What follows is how the Astros' 2013 AA starters graded out versus their Texas League peers per the Fielding and Ballpark Independent Outcomes system which I have been posting data from here at The Crawfish Boxes. A more detailed explanation as to how the scores are computed can be found in this prior FanPost that focused on the 2013 starting-biased pitchers of the Greeneville Astros and Tri-City ValleyCats. Corpus Christi is the first of the 4 full-season affiliates to be put through this statistical wringer.
What the Scores Mean
"Performance Score" amounts to the pitcher's overall grade for the Texas League portion of their season relative to other league starters and is evaluated over every plate appearance that did not feature a foulout, bunted ball in play, or pitcher batting; it effectively assumes that the 2013 Texas-League-average effect on run expectancy occurred in every instance of each of the 12 possible plate appearance outcomes (walk or hit-by-pitch = +0.32 runs, strikeout = -0.27 runs, infield flyball = -0.24 runs, groundball to batter's pull-field third of the diamond = -0.07 runs, ..., line drive to batter's center-field third of the diamond = +0.30 runs, ..., outfield flyball to batter's opposite-field third of the diamond = +0.00 runs). The three subscores (Control, Strikeout, Batted Ball) are just that - how the pitcher would rate versus league peers looking only at control, only at strikeouts, or only at batted balls. Age Score is tabulated independent of the performance measures and simply quantifies how young the pitcher was versus the league's average age for a starting pitcher in 2013. As for the numbers reported in the tables, a 50 score on any of the measures amounts to posting the league's average value (the pitcher topped or equaled 50% of peers), a 60 amounts to 1 standard deviation (SD) better than league-average (topped/equaled 83% of peers), a 70 amounts to 2 SD better than league-average (topped/equaled 97% of peers), a 40 amounts to 1 SD worse than league-average (topped/equaled 17% of peers), a 30 amounts to 2 SD worse than league-average (topped or equaled 3% of peers), and so on with any 10 point swing in a score amounting to 1 SD.
In the tables that follow, values that bettered the league average for that quantity by at least 1 SD are highlighted in green text ("very good") whereas those that trailed it by at least 1 SD are in red text ("very bad"). Asterisks indicate lefthanded throwers. The 8 pitchers in bold were official qualifiers for the study pool in so much as they faced at least 200 batters while averaging at least 10 batters faced per game (non-qualifiers do not enter into calculation of the averages and standard deviations that are used to assign scores to pitchers).
Tropeano topped the 8 qualifiers with a 59 Performance Score (81st percentile), and that would support the position that he pitched better than the 4.11 ERA and 1.34 WHIP would suggest. Martinez, Buchanan, and Doran each graded out well in the control and batted ball columns and landed just behind Tropeano. The very-young-for-AA Foltynewicz, who typically rates as the organization's 2nd to 4th best pitching prospect per most prospecting sites, placed 5th at Performance Score among the 8 Hooks' qualifiers; here, one can appreciate just how poor his control was relative to 2013 league standards. Alaniz stands out as being a rather elite performer on batted balls, and his Age Score reminds us just how young he was for AA.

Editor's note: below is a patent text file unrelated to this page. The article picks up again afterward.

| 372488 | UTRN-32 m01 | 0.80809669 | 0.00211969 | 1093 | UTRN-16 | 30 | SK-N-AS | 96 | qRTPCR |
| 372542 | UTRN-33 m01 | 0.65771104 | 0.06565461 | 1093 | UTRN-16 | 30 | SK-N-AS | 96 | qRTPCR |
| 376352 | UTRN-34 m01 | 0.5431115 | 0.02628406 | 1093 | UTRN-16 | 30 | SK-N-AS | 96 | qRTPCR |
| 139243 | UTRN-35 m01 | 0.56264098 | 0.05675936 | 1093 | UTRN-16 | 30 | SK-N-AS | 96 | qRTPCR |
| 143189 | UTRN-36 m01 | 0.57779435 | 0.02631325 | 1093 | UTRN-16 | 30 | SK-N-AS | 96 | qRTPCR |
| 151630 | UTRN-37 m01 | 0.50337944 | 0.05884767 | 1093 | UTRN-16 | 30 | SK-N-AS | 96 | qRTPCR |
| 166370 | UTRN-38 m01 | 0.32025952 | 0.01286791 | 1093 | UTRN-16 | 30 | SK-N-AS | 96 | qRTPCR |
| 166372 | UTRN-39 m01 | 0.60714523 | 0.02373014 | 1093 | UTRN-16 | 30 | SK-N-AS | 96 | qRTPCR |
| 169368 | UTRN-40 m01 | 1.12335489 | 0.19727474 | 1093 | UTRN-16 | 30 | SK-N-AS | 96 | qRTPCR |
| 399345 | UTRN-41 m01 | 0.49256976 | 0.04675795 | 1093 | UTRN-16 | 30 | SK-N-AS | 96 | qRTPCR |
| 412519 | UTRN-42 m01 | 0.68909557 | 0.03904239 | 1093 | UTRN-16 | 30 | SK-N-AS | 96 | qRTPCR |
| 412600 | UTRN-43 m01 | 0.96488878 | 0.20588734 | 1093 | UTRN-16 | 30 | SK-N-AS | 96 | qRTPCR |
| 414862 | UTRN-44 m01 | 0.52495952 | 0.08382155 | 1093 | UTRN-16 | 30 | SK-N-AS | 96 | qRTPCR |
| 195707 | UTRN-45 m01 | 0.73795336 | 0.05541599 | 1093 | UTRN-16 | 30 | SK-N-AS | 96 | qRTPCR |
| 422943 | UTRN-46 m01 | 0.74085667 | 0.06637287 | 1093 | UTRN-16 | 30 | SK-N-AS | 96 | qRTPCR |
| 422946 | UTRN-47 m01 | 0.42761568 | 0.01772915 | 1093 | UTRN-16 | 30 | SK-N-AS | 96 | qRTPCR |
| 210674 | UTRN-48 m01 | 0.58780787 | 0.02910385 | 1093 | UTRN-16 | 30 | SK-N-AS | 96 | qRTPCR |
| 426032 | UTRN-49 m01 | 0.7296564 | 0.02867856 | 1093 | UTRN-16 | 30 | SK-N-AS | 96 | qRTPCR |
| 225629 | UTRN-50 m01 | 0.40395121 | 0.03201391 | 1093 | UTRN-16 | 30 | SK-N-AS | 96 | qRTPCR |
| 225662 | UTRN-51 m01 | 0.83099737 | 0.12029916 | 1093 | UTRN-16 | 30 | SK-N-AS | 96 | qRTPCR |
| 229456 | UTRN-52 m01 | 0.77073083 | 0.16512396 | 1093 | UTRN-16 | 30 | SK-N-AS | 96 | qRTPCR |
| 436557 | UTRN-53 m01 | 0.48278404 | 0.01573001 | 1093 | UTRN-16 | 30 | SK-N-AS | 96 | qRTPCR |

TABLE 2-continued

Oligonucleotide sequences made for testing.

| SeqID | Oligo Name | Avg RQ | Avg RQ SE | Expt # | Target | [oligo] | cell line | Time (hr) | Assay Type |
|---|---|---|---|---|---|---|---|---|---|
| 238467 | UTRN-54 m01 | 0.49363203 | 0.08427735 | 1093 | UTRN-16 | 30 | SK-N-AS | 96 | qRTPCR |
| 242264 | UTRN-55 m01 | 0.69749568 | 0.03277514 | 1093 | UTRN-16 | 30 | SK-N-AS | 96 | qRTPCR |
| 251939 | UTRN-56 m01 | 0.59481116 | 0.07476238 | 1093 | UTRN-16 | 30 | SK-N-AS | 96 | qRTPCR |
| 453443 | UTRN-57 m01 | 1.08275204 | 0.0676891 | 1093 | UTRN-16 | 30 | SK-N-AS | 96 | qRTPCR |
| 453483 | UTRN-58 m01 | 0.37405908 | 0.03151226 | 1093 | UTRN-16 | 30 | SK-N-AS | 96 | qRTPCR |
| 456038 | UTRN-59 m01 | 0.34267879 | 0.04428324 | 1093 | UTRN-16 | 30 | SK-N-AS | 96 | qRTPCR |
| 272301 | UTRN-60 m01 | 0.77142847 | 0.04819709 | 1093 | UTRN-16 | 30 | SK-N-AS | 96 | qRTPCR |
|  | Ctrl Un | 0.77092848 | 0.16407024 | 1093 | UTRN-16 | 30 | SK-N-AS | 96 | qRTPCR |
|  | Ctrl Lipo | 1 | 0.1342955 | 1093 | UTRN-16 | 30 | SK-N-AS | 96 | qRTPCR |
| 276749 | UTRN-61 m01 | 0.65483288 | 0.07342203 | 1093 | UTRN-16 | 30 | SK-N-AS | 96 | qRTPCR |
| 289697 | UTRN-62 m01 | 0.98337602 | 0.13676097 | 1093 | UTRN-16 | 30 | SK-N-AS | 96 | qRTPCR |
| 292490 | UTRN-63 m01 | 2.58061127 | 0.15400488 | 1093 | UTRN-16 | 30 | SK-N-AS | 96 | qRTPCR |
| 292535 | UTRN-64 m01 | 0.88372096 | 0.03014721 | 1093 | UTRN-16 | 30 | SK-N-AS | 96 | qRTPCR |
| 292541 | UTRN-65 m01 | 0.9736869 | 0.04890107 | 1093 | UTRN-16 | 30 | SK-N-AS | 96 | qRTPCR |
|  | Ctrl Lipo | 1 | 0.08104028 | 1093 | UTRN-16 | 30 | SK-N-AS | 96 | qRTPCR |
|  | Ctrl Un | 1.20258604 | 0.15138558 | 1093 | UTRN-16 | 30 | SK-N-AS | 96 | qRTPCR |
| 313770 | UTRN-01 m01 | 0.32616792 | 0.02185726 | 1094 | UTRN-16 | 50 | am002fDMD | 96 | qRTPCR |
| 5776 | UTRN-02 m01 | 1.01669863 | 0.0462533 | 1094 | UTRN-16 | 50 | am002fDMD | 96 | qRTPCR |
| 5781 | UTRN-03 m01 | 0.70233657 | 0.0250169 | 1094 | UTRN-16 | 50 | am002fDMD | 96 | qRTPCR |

The table below shows how those same pitchers' plate appearance result frequencies sort out in the Texas League portion of their campaign.
And here are the LHB splits data and the RHB splits data of the 8 qualifiers, as graded versus the league's starting pitcher peers.
Tropeano's splits numerically contradict internet banter of him being a changeup specialist whose main weakness is the lack of a quality breaking ball; the somewhat low Performance Score versus LHB suggests that his changeup might not be working as well as it had at lower levels while his outstanding RHB splits suggest that the criticisms of his breaking ball are either wrong (it is an effective pitch) or irrelevant (he has another secondary pitch that more than offsets any breaking ball deficiencies). The workmanlike Martinez was similarly solid versus LHB as versus RHB. Though similar overall to Martinez, the splits show that Buchanan was definitely better against RHB than LHB. Doran was the best of these 8 righties versus LHB (and among the top ones in the league) with the strikeout being his main weakness against RHB. Foltynewicz consistently rated close-to-average against RHB in posting three 50ish subscores, whereas the LHB splits paint him as being exceptionally poor at control and very good at strikeouts and on batted balls. Alaniz' LHB Performance Score dropped a bit relative to the RHB value as his control and strikeouts declined versus LHB while the batted ball performance held steady.
Most of these pitchers competed at other levels, and as the scores for those other clubs are compiled it will become possible to grade each pitcher's complete 2013 season in a similar fashion.